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Posts tagged ‘Children’s literature’

Winnie the Pooh Sooths the Savage Beasts

Sixth Grade Mayhem

When I was in sixth grade, some of the boys in my class were mean, rough and nasty. One of our former teachers said of our class that they were the worst she had ever taught. The boys were disruptive and opportunistic, seeming to find ways to cause trouble without getting caught. The boys cursed at one another and at the girls. Giving the finger was part of their repertoire but well-hidden from teacher’s eyes.

In past years, I had been injured during rough-housing. In third grade, a boy pushed me off a wall, and I chipped my tooth. A year later, I almost lost my eye when boys were taunting us by lifting our dresses up. I bent down to push my dress down and my head went into a pencil in the boy’s pocket. My Mother always warned me to just stay away from them, which was the strategy I tried to practice through grade school.



Our sixth grade teacher, Mrs. Boyer, was a great teacher and a sweet person. She seemed to manage the class, often by telling stories of her life or reading to us. She would say, “I’m not sure we have time for Winnie the Pooh today.” The class would immediately go into begging mode, “Please read Winnie the Pooh.” As I looked around the room, I would see even the most hardened boy pleading for a story about the bear.  During story time, the class would settle and the students would fold their arms on their desks, listening intently. I remember asking myself how could a story quiet such restless anger.

When Mrs. Boyer read the stories, I could easily visulize the Hundred Acre Wood, and we’d look at the map on the inside cover of the book as if it were a geography lesson. Pooh was the most endearing character, almost the alter ego of the classroom boys. Pooh was never mean-spirited, and he was always kind to his woodland friends.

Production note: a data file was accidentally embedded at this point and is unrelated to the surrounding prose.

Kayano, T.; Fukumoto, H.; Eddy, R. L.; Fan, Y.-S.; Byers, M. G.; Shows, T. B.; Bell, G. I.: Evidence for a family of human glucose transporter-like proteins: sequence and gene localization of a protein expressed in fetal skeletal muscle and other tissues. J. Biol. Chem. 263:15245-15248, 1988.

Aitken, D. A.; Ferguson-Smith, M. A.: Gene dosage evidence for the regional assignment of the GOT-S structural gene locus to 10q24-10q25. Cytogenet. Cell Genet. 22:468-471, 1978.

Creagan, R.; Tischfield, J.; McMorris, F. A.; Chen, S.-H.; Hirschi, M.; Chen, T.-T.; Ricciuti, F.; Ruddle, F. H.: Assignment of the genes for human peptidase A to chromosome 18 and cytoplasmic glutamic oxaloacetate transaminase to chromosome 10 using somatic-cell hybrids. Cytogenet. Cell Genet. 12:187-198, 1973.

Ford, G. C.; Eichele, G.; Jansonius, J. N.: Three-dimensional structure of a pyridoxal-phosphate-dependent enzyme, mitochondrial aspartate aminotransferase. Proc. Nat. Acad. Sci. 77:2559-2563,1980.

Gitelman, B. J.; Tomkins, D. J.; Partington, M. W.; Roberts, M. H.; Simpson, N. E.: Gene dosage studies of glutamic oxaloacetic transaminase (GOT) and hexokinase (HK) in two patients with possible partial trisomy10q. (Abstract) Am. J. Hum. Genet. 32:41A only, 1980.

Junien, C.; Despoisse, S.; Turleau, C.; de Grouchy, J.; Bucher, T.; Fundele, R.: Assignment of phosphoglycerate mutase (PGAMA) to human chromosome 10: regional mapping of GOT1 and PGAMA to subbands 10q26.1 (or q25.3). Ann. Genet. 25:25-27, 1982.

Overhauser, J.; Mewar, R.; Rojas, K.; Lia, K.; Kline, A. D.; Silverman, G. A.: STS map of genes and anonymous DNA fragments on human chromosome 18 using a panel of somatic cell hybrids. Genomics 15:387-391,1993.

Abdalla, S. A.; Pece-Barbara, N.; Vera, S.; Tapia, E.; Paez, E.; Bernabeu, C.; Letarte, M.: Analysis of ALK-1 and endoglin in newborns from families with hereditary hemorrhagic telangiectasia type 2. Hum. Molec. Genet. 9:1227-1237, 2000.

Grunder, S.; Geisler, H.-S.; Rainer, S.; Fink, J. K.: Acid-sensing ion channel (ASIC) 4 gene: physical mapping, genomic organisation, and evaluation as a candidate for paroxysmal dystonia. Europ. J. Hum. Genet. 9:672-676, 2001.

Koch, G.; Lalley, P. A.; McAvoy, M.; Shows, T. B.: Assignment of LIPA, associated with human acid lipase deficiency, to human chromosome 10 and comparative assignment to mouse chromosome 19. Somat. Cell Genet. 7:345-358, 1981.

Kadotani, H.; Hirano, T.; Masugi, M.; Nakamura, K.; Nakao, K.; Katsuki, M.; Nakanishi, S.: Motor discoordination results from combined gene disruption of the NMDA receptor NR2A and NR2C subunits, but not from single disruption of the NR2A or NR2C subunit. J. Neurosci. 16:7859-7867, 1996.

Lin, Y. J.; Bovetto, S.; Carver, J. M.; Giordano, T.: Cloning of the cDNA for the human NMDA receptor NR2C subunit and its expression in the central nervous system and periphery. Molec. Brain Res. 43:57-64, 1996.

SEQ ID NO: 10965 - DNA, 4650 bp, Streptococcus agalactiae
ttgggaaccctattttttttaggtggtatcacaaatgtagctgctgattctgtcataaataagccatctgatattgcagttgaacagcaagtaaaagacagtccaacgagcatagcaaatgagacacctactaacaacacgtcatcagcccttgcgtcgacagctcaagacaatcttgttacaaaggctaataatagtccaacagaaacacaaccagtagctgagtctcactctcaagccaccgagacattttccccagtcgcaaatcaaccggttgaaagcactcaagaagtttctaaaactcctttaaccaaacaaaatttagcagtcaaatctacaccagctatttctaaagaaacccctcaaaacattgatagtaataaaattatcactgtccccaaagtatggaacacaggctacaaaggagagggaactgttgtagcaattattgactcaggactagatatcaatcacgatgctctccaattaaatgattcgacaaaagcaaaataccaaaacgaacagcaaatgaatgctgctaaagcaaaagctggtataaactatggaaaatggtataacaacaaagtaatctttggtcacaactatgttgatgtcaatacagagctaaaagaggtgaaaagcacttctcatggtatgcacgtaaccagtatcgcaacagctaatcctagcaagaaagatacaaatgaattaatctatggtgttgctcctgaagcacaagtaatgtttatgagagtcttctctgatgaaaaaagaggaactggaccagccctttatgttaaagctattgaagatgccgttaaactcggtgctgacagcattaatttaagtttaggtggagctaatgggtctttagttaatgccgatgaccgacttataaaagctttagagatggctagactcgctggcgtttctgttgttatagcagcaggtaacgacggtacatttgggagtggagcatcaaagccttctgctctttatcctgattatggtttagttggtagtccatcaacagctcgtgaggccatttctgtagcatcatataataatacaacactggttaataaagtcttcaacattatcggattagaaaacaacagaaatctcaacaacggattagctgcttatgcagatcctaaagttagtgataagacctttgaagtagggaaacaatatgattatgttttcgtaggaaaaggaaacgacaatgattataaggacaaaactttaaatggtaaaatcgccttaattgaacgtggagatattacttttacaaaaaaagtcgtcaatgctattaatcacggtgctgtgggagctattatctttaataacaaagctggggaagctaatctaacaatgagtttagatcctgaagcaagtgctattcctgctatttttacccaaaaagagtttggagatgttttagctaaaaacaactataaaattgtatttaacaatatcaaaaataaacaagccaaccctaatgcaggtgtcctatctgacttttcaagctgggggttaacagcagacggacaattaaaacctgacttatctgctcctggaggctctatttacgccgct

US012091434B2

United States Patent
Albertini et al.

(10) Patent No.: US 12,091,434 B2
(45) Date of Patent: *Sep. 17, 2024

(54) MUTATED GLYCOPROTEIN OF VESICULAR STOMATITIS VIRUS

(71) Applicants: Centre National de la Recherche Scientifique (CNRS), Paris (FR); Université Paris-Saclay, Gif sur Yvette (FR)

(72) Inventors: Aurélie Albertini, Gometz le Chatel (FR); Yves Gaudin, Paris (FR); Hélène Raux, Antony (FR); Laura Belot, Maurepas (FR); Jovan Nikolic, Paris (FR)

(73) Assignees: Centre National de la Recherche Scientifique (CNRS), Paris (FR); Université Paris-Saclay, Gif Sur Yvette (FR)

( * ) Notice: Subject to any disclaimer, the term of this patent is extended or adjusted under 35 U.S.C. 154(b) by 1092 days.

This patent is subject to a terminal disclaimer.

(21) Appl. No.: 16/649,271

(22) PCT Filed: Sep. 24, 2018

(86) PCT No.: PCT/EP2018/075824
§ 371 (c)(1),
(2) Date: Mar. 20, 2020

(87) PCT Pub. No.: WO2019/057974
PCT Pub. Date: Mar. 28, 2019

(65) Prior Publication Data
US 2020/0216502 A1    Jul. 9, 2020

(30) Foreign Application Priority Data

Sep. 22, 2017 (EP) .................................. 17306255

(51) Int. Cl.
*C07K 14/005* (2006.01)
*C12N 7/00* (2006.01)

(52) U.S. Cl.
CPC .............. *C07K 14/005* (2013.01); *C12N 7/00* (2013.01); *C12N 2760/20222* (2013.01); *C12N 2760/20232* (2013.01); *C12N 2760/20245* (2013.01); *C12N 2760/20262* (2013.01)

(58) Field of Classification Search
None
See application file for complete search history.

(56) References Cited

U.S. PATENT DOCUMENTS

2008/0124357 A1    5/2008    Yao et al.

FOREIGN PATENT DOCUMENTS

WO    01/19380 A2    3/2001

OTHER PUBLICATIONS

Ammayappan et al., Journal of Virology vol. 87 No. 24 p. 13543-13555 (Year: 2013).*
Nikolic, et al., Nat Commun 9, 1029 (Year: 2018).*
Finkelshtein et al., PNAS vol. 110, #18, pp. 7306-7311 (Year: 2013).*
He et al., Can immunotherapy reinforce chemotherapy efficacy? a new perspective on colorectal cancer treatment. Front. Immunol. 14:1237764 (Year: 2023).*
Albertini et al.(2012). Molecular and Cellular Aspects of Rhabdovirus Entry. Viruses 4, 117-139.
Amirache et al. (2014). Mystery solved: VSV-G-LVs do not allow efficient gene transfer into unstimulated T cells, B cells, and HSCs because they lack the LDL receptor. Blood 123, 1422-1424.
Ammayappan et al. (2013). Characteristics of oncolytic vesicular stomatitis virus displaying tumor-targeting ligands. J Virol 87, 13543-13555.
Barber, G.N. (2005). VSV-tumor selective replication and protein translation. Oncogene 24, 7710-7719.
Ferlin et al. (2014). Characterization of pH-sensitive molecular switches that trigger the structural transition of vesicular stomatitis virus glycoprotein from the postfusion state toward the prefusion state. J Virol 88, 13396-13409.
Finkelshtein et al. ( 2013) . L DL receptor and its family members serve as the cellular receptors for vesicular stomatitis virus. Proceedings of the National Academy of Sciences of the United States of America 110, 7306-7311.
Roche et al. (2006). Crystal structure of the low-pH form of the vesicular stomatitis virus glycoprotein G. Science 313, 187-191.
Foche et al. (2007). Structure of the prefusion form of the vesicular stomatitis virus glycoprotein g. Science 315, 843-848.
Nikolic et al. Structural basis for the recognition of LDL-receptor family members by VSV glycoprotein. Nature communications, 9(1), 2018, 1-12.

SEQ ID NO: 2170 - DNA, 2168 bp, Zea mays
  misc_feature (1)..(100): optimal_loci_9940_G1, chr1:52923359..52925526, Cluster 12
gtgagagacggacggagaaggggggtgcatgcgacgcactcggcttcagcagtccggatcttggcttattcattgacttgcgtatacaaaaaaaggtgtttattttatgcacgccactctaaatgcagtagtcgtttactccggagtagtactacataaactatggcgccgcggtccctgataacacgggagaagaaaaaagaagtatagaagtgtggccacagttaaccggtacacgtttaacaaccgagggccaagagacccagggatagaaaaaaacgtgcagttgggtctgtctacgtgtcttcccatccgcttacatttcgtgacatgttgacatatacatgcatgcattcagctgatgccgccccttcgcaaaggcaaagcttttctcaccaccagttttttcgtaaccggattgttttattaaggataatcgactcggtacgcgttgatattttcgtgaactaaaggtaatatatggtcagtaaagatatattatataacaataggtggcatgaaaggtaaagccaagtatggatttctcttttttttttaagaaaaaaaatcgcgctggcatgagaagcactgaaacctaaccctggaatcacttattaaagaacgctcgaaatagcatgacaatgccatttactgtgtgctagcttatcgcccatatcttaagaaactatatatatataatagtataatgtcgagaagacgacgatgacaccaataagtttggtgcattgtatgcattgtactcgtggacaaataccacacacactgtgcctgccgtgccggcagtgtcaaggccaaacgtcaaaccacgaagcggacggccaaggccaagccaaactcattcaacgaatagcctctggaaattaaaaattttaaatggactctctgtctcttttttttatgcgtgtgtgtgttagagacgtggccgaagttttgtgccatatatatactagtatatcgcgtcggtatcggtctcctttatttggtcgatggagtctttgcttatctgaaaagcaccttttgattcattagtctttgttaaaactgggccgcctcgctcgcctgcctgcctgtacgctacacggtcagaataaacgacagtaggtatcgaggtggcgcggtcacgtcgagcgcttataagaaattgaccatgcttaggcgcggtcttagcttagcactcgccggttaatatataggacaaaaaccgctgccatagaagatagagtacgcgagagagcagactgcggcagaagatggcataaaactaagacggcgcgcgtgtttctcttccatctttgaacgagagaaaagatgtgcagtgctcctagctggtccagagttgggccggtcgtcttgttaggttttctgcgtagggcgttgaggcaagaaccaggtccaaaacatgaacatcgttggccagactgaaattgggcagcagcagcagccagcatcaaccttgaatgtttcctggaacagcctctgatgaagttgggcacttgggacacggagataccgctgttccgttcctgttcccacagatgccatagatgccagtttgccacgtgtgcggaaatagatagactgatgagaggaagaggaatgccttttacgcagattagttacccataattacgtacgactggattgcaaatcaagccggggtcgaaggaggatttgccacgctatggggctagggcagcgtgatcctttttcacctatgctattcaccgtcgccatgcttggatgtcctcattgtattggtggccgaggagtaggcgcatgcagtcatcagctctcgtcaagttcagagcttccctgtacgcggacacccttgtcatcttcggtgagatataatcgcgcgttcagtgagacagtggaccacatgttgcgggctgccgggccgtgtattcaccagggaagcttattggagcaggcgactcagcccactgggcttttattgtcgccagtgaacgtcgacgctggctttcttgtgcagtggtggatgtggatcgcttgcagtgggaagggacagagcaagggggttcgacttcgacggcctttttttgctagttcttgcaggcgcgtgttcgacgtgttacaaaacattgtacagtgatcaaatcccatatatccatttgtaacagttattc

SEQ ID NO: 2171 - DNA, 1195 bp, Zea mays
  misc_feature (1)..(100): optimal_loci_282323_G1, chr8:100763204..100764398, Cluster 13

“We’ll be friends forever, won’t we, Pooh? asked Piglet. “Even longer,” Pooh answered.

Although the bear supposedly was of “very little brain,” Pooh was hopeful and comforting.

“Rivers know this: there is no hurry. We shall get there someday.”

“Promise me you’ll never forget me because if I thought you would, I’d never leave.”

Of course, school is a place where your self worth is constantly on the line with test taking. In contrast to the academic demands of school, Pooh offers an alternate view of cleverness:

“Rabbit’s clever,” said Pooh thoughtfully.
“Yes,” said Piglet, “Rabbit’s clever.”
“And he has Brain.”
“Yes,” said Piglet, “Rabbit has Brain.”
There was a long silence.
“I suppose,” said Pooh, “that that’s why he never understands anything.”

Good-bye to Elementary School

The next year our elementary school class went off to a large junior high school, and I had little contact with the boys in my class after that. In general I don’t remember that the classroom dynamic in junior high being as hostile as it was back in elementary school. Maybe the boys matured or began concentrating on the grind toward college. I wondered whether in transitioning into junior high, Winnie the Pooh offered emotional support that eventually altered world views, even if slightly.

winnie the pooh

The Bumper Book: Enchanting Stories from Childhood